A bunch of guys running around in shorts and shells doing non-contact drills doesn't seem all that important for sport that involves, well, contact. But still, some can be learned from OTAs.
NFL teams have started their "organized team activities" and the Steelers are no different. There will be rookie hazing and good fun all around. Some veterans will show up, some won't. All in all, it's a better time for young guys to shine and borderline players to make their names known.
With plenty of questions surrounding the Steelers in 2013, here's five things we've learned from the Steelers OTAs.
When offensive lineman Kelvin Beachum was drafted by the Steelers in 2012, many thought the former SMU tackle would be making the move inside to guard at the next level.
Contrary to that belief (and due to a mass of injuries), Beachum was thrust into the Steelers starting right tackle position for the team's final five games of the season. He was Pittsburgh's third starter at the position in 2012.
But now that Pittsburgh will presumably be getting Marcus Gilbert and Mike Adams back at each tackle spot for the 2013 season, the team has other plans in store for Beachum.
According to various outlets, the Steelers have been working the second-year player across the line, including some time at center.
The fit makes sense. Pittsburgh lost backup interior lineman Doug Legursky to free agency and starter Maurkice Pouncey has never finished a full season of play. Beachum's versatility may not land him a starting spot, but he could take over the role held by Legursky over the past few years. That role comes with plenty of field time.
Beachum has proven that he can play right tackle and guard at an NFL level. If he's a successful center, he becomes even more valuable to the Steelers.
It's hard to believe that just one year ago, the Steelers selected big nose tackle Alameda Ta'amu out of Washington to, presumably, take over for Casey Hampton when his time with Pittsburgh had ended.
Well, Hampton's time with the Steelers is over, but it's not Ta'amu who's filling his shoes. Or even those of his backup.
Not only will versatile defensive lineman Steve McLendon enter offseason workouts as the team's starting nose tackle, but Ta'amu isn't even taking second-team reps. That distinction has gone to backup defensive end Al Woods.
Woods has been unproven as an end in the league, so to see him getting the nod over Ta'amu and Hebron Fangupo is a bit surprising. But it does say a lot about Ta'amu's standing with the Steelers organization at this point.
Following his "incident" during his rookie season, Ta'amu was already in hot water with the team. If he's not going to be even a contributor, he may not make it through camp.
It's easy to say looking back on 2012 that the Steelers run game was a complete and total disaster. Between the lack of continuity on a constantly fluctuating offensive line and a corps of backs that were less than stellar, Pittsburgh put up some pedestrian numbers on the ground.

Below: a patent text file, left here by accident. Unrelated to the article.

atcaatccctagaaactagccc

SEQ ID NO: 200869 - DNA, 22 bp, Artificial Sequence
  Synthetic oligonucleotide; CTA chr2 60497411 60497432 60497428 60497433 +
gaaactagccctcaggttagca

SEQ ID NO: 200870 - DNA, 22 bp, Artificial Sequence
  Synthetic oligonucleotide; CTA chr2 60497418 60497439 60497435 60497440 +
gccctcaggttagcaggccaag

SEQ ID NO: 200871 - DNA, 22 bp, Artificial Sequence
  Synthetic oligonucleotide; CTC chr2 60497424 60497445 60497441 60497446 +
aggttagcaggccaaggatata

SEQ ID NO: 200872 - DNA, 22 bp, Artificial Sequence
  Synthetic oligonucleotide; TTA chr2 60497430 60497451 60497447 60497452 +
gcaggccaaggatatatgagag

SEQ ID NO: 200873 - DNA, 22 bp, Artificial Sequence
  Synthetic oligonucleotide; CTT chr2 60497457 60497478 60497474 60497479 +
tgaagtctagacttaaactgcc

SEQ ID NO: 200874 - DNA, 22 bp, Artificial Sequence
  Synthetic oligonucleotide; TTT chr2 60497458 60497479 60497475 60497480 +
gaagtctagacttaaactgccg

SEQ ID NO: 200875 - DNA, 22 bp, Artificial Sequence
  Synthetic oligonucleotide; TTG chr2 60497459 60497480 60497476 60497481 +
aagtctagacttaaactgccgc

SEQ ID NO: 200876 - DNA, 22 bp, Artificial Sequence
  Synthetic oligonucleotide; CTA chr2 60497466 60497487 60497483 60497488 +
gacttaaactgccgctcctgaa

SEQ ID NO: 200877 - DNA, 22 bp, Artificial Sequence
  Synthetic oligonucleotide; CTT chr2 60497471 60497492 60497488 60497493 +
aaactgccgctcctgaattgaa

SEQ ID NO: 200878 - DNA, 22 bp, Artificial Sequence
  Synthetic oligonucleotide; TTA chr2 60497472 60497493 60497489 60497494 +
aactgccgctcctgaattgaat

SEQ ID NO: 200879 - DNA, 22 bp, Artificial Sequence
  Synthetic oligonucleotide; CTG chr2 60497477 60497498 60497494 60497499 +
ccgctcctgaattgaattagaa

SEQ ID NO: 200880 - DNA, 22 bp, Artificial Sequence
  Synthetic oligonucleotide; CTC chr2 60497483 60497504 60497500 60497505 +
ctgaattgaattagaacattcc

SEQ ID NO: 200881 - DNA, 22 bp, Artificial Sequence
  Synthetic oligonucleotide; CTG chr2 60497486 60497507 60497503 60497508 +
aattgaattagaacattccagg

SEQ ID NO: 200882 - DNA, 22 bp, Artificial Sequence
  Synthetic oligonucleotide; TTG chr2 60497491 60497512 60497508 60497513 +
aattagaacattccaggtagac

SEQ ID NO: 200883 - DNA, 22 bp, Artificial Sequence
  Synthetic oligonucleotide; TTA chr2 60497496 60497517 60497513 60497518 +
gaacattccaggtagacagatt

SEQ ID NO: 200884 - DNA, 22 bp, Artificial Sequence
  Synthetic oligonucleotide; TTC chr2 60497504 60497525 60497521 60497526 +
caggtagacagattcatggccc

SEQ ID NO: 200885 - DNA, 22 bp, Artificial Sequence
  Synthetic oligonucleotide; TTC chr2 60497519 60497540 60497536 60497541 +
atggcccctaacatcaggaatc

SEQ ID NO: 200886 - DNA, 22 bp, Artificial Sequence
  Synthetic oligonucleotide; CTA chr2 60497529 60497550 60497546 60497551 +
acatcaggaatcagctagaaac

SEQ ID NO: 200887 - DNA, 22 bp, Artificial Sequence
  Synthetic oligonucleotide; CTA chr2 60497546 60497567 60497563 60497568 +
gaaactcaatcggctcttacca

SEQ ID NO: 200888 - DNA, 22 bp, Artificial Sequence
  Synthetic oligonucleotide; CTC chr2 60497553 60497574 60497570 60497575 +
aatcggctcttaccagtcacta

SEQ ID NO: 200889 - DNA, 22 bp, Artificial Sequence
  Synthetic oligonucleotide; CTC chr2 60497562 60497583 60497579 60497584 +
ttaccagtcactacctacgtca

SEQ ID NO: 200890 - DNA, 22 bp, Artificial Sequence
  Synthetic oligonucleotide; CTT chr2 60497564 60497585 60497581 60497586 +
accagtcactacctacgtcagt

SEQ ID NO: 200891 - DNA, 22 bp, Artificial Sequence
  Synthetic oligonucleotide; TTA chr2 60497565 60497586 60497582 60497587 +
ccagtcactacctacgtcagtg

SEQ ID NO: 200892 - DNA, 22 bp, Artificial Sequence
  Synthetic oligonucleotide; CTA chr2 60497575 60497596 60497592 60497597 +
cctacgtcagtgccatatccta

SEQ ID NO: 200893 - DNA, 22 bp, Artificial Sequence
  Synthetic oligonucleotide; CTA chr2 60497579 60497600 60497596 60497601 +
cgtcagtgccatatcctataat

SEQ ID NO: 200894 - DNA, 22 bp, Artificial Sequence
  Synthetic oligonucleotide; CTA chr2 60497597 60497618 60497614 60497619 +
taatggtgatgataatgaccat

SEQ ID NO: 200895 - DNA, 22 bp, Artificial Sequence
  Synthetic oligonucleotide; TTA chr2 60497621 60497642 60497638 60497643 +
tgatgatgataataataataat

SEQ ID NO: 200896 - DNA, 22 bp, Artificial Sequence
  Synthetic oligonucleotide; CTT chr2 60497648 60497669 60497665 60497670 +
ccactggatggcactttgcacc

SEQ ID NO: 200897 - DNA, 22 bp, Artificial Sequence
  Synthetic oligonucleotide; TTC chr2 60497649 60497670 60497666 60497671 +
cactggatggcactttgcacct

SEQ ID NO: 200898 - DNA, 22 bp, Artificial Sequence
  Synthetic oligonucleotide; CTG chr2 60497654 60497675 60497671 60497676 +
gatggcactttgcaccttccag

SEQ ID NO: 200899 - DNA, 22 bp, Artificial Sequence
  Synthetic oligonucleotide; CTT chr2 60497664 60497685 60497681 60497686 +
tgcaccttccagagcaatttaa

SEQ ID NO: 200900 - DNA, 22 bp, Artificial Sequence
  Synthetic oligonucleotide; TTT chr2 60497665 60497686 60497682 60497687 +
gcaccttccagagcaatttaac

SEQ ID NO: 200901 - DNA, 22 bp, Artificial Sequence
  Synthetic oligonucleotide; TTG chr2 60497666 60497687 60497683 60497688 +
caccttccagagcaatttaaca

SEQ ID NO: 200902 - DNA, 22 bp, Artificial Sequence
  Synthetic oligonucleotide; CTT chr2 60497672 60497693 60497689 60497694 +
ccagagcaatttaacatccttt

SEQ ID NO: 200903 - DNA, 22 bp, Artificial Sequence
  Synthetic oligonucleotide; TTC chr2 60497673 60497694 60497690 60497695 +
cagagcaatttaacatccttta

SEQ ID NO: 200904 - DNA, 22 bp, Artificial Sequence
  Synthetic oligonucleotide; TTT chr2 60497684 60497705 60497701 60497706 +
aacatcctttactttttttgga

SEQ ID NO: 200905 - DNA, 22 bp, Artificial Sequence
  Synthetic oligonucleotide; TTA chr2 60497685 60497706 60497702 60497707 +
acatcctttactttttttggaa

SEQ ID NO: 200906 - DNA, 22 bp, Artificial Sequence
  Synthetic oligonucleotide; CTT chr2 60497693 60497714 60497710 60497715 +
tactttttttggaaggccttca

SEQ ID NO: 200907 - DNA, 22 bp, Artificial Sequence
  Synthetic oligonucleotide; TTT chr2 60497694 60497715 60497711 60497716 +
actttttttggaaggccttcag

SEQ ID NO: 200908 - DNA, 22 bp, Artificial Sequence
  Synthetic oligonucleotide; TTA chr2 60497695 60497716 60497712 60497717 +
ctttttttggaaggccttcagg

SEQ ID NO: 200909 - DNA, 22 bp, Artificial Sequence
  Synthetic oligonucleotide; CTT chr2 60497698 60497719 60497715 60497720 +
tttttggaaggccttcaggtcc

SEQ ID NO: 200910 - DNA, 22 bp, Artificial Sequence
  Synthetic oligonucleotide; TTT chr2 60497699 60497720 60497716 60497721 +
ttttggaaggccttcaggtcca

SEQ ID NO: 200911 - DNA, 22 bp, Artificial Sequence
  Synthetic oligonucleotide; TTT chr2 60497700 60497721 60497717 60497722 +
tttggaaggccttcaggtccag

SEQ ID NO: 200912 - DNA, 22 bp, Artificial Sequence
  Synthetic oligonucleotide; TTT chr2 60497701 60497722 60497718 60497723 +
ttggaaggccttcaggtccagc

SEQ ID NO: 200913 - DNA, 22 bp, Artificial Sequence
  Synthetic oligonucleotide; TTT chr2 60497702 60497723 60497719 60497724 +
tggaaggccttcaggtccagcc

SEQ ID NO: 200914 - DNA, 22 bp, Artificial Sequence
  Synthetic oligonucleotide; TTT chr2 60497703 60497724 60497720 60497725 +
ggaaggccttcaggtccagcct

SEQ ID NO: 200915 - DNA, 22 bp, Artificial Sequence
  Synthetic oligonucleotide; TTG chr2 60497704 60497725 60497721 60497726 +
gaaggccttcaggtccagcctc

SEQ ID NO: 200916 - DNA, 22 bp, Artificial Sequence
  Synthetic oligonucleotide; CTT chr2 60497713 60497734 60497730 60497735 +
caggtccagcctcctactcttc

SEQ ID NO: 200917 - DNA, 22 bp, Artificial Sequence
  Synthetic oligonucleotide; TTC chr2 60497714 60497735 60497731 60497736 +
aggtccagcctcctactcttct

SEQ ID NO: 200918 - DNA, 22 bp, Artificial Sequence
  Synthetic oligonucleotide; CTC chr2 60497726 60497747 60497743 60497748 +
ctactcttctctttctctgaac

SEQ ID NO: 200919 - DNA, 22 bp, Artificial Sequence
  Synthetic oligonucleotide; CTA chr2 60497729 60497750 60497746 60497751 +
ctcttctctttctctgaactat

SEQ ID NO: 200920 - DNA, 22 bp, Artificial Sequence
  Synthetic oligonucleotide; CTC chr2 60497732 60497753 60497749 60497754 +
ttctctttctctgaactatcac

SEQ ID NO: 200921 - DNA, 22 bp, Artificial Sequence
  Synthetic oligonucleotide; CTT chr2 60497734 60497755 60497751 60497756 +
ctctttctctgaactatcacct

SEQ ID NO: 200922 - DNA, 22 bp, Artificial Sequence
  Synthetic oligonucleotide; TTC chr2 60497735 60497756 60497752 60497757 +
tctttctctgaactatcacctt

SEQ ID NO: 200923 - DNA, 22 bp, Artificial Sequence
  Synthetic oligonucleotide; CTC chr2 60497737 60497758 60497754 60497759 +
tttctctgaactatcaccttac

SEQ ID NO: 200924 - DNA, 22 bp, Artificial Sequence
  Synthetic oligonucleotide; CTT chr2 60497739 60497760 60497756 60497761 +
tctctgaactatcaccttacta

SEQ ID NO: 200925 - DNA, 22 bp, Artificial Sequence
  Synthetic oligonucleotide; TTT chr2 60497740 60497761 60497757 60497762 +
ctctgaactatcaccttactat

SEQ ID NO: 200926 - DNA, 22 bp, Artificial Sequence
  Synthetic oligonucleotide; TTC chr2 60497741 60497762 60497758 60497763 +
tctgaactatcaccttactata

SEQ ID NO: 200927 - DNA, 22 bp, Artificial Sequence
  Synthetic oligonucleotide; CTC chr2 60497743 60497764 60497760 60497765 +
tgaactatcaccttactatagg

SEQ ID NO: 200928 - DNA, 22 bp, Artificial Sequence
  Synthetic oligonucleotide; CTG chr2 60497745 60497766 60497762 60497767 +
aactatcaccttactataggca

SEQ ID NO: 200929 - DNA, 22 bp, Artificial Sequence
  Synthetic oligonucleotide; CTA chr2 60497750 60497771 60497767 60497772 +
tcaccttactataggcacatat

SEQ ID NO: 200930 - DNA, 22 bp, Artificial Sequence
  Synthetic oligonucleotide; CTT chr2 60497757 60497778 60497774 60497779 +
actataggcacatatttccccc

But after parting ways with former first-rounder Rashard Mendenhall and adding Le'Veon Bell, the Steelers are ready to make a change in their running game. And during OTAs, one back gave us a little preview.
According to Isaac Redman (via TribLive.com's Mark Kaboly), the Steelers will be "dedicated to the zone."
Yes, Pittsburgh is scrapping its old way of running the ball for a more new-fashioned offense and one that plenty of teams across the NFL run. And it seems to be catching on with players.
Center Maurkice Pouncey loves the new style, according to Kaboly, as do Marcus Gilbert and Ramon Foster. They're actually set up pretty well for the scheme, loading the line with nimble maulers up front.
We'll see how the zone works in Pittsburgh early on, but one thing's for sure, these backs will have to get downhill quick for this scheme to work.
One of the more injury-prone teams in the league, it seems like the Steelers are constantly shuffling their pieces around on offense and defense, trying to put together a competent staff.
Now is the time to see which players can play other positions.
We've already discussed Kelvin Beachum playing all three line spots and Al Woods playing both end and nose tackle. But the Steelers have moved more than just big men around this offseason.
According to Behind the Steel Curtain, William Gay has been taking some snaps at safety during OTAs, just in case Troy Polamalu were to go down early in the season. Gay has spent all of his career playing cornerback and is very familiar with the Steelers defensive scheme. Although he'll probably be the team's nickel corner, having him know some safety doesn't hurt.
They'll be more movement of players as the offseason rolls along, but versatility is important, especially on an aged and oft-injured Steelers team. The offseason is the time to find out who can play where if need be.
From anonymous teammates to the media and even his coaches, LaMarr Woodley has heard from every angle over the last year-and-a-half that he's out of shape and it's causing his play to slip.
For the first time, Woodley addressed that situation publicly via NBC Sports:
Playing football my whole life growing up, and you’re in the spotlight sometimes it comes with the good and the bad. You just have to know how to accept it. I’m one of those guys, I don’t pay attention to much at all. I just go out there and do what I’m supposed to do. And these guys on the team know what I go out there and do each and every day
It doesn't sound like Woodley took much of the criticism to heart, but teammate and fellow linebacker Larry Foote sees him as a little "extra-motivated" this year in camp.
Whether it was simply injuries that have slowed Woodley's young career or coming into camp out of shape, by all accounts it looks like he could be back to form this season. And if he is, that's great news for the Steelers.